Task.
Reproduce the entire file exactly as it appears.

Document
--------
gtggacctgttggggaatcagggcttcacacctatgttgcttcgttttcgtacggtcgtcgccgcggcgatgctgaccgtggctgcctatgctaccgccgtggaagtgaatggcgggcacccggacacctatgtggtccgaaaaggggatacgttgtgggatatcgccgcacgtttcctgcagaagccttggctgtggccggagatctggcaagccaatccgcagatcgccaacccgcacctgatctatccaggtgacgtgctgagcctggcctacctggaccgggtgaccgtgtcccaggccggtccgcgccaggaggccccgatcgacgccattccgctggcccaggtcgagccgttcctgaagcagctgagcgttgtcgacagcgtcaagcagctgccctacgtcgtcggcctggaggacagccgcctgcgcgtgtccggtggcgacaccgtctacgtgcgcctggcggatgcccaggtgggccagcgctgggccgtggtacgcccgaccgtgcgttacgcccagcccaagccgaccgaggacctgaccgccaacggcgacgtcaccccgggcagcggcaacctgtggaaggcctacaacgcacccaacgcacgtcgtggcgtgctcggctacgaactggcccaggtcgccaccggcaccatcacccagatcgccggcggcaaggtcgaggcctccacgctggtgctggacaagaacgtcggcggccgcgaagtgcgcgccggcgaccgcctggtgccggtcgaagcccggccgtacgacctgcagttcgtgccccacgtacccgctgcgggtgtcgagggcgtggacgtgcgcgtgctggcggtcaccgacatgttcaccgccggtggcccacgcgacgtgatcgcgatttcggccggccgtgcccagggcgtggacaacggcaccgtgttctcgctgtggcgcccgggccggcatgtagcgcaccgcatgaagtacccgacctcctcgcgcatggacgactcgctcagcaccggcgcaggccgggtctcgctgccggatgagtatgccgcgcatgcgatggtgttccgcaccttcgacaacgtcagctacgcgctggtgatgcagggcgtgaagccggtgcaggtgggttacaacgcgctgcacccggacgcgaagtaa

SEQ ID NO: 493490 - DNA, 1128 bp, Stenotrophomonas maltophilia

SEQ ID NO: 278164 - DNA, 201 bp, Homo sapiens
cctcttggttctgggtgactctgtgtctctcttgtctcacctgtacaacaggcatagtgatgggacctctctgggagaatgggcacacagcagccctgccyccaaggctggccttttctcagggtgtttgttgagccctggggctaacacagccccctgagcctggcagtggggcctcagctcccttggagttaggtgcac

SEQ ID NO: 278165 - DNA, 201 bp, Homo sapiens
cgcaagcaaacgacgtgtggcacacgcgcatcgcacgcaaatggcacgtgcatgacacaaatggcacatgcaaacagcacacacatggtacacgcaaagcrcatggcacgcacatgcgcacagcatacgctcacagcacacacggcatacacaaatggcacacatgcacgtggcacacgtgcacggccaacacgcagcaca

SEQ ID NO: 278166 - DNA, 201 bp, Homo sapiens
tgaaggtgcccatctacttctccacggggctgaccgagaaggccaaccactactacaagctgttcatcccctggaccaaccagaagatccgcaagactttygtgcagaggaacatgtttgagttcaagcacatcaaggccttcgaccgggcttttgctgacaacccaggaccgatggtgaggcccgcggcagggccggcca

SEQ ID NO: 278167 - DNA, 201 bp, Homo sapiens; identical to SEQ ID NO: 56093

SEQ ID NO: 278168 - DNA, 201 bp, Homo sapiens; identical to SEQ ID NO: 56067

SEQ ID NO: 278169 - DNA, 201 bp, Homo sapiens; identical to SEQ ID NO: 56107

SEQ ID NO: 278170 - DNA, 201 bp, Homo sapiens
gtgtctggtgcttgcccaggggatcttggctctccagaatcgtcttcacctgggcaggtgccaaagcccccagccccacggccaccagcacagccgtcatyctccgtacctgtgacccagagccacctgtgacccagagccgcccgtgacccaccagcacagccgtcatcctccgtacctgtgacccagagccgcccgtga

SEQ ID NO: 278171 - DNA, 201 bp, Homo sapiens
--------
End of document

gtggacctgttggggaatcagggcttcacacctatgttgcttcgttttcgtacggtcgtcgccgcggcgatgctgaccgtggctgcctatgctaccgccgtggaagtgaatggcgggcacccggacacctatgtggtccgaaaaggggatacgttgtgggatatcgccgcacgtttcctgcagaagccttggctgtggccggagatctggcaagccaatccgcagatcgccaacccgcacctgatctatccaggtgacgtgctgagcctggcctacctggaccgggtgaccgtgtcccaggccggtccgcgccaggaggccccgatcgacgccattccgctggcccaggtcgagccgttcctgaagcagctgagcgttgtcgacagcgtcaagcagctgccctacgtcgtcggcctggaggacagccgcctgcgcgtgtccggtggcgacaccgtctacgtgcgcctggcggatgcccaggtgggccagcgctgggccgtggtacgcccgaccgtgcgttacgcccagcccaagccgaccgaggacctgaccgccaacggcgacgtcaccccgggcagcggcaacctgtggaaggcctacaacgcacccaacgcacgtcgtggcgtgctcggctacgaactggcccaggtcgccaccggcaccatcacccagatcgccggcggcaaggtcgaggcctccacgctggtgctggacaagaacgtcggcggccgcgaagtgcgcgccggcgaccgcctggtgccggtcgaagcccggccgtacgacctgcagttcgtgccccacgtacccgctgcgggtgtcgagggcgtggacgtgcgcgtgctggcggtcaccgacatgttcaccgccggtggcccacgcgacgtgatcgcgatttcggccggccgtgcccagggcgtggacaacggcaccgtgttctcgctgtggcgcccgggccggcatgtagcgcaccgcatgaagtacccgacctcctcgcgcatggacgactcgctcagcaccggcgcaggccgggtctcgctgccggatgagtatgccgcgcatgcgatggtgttccgcaccttcgacaacgtcagctacgcgctggtgatgcagggcgtgaagccggtgcaggtgggttacaacgcgctgcacccggacgcgaagtaa

SEQ ID NO: 493490 - DNA, 1128 bp, Stenotrophomonas maltophilia

SEQ ID NO: 278164 - DNA, 201 bp, Homo sapiens
cctcttggttctgggtgactctgtgtctctcttgtctcacctgtacaacaggcatagtgatgggacctctctgggagaatgggcacacagcagccctgccyccaaggctggccttttctcagggtgtttgttgagccctggggctaacacagccccctgagcctggcagtggggcctcagctcccttggagttaggtgcac

SEQ ID NO: 278165 - DNA, 201 bp, Homo sapiens
cgcaagcaaacgacgtgtggcacacgcgcatcgcacgcaaatggcacgtgcatgacacaaatggcacatgcaaacagcacacacatggtacacgcaaagcrcatggcacgcacatgcgcacagcatacgctcacagcacacacggcatacacaaatggcacacatgcacgtggcacacgtgcacggccaacacgcagcaca

SEQ ID NO: 278166 - DNA, 201 bp, Homo sapiens
tgaaggtgcccatctacttctccacggggctgaccgagaaggccaaccactactacaagctgttcatcccctggaccaaccagaagatccgcaagactttygtgcagaggaacatgtttgagttcaagcacatcaaggccttcgaccgggcttttgctgacaacccaggaccgatggtgaggcccgcggcagggccggcca

SEQ ID NO: 278167 - DNA, 201 bp, Homo sapiens; identical to SEQ ID NO: 56093

SEQ ID NO: 278168 - DNA, 201 bp, Homo sapiens; identical to SEQ ID NO: 56067

SEQ ID NO: 278169 - DNA, 201 bp, Homo sapiens; identical to SEQ ID NO: 56107

SEQ ID NO: 278170 - DNA, 201 bp, Homo sapiens
gtgtctggtgcttgcccaggggatcttggctctccagaatcgtcttcacctgggcaggtgccaaagcccccagccccacggccaccagcacagccgtcatyctccgtacctgtgacccagagccacctgtgacccagagccgcccgtgacccaccagcacagccgtcatcctccgtacctgtgacccagagccgcccgtga

SEQ ID NO: 278171 - DNA, 201 bp, Homo sapiens